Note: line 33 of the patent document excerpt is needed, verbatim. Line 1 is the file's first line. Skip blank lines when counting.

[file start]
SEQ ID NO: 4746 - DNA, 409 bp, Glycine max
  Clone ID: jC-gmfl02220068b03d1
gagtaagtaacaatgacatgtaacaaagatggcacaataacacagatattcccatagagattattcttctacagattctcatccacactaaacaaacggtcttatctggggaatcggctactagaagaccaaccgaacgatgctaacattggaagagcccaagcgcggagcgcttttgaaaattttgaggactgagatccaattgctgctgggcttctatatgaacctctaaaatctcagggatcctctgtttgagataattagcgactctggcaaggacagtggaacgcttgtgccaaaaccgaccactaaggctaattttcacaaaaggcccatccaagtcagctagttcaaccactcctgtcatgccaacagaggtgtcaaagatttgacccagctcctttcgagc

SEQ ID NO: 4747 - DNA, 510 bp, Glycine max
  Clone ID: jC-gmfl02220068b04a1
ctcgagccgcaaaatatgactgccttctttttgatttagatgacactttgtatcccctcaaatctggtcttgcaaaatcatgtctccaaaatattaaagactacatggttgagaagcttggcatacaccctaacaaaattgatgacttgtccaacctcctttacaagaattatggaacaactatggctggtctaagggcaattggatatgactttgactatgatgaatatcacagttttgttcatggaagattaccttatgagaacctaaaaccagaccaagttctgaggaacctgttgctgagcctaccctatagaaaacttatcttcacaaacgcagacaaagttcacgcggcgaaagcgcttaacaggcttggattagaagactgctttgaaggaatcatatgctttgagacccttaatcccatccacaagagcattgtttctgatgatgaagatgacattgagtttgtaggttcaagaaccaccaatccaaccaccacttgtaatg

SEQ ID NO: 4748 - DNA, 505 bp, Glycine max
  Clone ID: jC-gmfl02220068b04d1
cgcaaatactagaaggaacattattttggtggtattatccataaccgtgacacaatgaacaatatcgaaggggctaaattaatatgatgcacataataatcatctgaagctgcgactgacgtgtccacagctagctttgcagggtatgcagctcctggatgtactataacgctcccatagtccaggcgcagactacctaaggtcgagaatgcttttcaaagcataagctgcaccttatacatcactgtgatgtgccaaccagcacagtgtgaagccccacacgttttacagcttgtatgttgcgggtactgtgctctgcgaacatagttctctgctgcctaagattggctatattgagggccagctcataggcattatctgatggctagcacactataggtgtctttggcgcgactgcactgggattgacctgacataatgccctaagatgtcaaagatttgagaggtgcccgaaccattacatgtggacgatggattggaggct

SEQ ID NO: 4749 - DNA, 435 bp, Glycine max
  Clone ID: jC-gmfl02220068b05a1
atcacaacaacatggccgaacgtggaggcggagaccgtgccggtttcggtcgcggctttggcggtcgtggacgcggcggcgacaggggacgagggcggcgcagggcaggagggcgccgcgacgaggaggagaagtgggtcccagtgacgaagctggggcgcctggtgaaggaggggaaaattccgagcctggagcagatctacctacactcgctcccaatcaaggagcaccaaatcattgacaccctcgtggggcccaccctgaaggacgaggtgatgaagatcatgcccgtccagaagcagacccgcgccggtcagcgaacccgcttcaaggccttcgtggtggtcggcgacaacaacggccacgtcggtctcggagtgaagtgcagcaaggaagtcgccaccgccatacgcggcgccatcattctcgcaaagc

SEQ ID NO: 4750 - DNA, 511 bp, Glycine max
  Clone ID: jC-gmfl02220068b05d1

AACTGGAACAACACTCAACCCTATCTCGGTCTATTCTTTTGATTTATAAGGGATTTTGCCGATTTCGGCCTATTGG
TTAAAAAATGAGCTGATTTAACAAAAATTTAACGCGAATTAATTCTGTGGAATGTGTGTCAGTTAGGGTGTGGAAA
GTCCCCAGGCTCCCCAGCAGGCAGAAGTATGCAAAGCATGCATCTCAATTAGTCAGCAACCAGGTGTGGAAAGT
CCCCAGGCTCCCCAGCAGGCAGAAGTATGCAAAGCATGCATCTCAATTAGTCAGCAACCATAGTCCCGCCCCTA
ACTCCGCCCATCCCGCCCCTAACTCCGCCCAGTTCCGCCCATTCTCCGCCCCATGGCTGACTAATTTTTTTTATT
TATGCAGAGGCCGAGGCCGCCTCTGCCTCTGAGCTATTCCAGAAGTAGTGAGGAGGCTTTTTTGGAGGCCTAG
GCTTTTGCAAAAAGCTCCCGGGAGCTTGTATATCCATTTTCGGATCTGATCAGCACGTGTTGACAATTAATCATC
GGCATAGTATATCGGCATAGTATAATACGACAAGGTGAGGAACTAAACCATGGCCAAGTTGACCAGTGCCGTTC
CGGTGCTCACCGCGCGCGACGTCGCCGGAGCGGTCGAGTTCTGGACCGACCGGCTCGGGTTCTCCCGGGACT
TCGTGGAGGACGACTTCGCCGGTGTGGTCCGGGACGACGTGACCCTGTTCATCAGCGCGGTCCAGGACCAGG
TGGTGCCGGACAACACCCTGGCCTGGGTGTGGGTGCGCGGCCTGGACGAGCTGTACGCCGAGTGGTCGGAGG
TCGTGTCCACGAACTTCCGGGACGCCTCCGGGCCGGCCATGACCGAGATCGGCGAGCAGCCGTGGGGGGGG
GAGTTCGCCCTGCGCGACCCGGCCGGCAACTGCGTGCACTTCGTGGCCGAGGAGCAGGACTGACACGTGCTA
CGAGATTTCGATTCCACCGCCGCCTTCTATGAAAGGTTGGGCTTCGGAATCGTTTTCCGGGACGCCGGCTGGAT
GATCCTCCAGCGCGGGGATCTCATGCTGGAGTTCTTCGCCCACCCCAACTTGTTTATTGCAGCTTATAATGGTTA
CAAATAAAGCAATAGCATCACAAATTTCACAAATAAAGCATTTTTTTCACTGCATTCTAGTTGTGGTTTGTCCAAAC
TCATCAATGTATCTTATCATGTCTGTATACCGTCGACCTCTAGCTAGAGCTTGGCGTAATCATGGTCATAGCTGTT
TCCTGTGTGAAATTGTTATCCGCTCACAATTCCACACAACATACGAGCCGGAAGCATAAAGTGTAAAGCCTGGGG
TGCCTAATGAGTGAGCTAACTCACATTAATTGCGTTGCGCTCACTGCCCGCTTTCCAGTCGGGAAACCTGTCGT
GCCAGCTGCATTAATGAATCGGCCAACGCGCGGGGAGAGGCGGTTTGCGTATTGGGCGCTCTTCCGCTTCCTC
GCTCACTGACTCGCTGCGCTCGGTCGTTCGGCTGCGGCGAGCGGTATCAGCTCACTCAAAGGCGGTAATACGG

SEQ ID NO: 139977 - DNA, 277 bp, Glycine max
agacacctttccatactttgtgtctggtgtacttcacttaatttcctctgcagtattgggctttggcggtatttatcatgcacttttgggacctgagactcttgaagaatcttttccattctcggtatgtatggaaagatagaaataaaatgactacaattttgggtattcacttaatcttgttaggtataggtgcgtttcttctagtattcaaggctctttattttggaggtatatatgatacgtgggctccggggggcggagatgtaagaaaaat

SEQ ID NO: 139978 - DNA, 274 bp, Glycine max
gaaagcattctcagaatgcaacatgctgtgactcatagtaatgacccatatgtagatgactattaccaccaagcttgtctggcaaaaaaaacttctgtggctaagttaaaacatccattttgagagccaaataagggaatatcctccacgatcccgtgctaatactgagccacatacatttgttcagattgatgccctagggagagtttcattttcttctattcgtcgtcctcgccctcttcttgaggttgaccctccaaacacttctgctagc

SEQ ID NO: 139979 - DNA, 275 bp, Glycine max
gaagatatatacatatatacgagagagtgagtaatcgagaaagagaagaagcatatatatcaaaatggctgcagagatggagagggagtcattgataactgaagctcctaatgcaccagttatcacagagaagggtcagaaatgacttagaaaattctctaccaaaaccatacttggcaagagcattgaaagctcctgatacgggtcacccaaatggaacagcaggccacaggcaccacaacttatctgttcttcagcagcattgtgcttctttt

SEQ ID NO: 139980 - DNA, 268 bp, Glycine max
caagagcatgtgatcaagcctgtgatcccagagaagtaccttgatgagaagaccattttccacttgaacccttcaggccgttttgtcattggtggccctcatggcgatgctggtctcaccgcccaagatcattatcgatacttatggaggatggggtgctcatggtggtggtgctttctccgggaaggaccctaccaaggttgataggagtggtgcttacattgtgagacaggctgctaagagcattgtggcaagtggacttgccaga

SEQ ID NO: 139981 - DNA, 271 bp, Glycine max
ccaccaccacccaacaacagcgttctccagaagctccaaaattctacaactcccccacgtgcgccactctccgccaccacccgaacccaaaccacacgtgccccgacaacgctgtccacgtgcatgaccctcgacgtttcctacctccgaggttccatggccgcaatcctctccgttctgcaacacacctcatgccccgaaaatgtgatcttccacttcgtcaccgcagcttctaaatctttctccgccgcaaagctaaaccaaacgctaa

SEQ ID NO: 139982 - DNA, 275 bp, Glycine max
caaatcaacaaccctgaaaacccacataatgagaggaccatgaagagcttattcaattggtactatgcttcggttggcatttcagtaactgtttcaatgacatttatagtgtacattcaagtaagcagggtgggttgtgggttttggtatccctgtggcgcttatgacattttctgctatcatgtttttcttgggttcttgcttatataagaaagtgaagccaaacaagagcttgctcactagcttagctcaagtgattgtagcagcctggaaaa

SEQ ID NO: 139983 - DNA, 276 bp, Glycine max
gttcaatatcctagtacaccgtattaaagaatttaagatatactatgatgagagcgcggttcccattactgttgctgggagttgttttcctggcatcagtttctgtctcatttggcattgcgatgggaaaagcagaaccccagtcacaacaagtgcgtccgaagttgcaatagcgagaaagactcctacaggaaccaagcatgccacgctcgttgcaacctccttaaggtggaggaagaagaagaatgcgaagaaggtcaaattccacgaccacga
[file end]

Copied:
TGCCTAATGAGTGAGCTAACTCACATTAATTGCGTTGCGCTCACTGCCCGCTTTCCAGTCGGGAAACCTGTCGT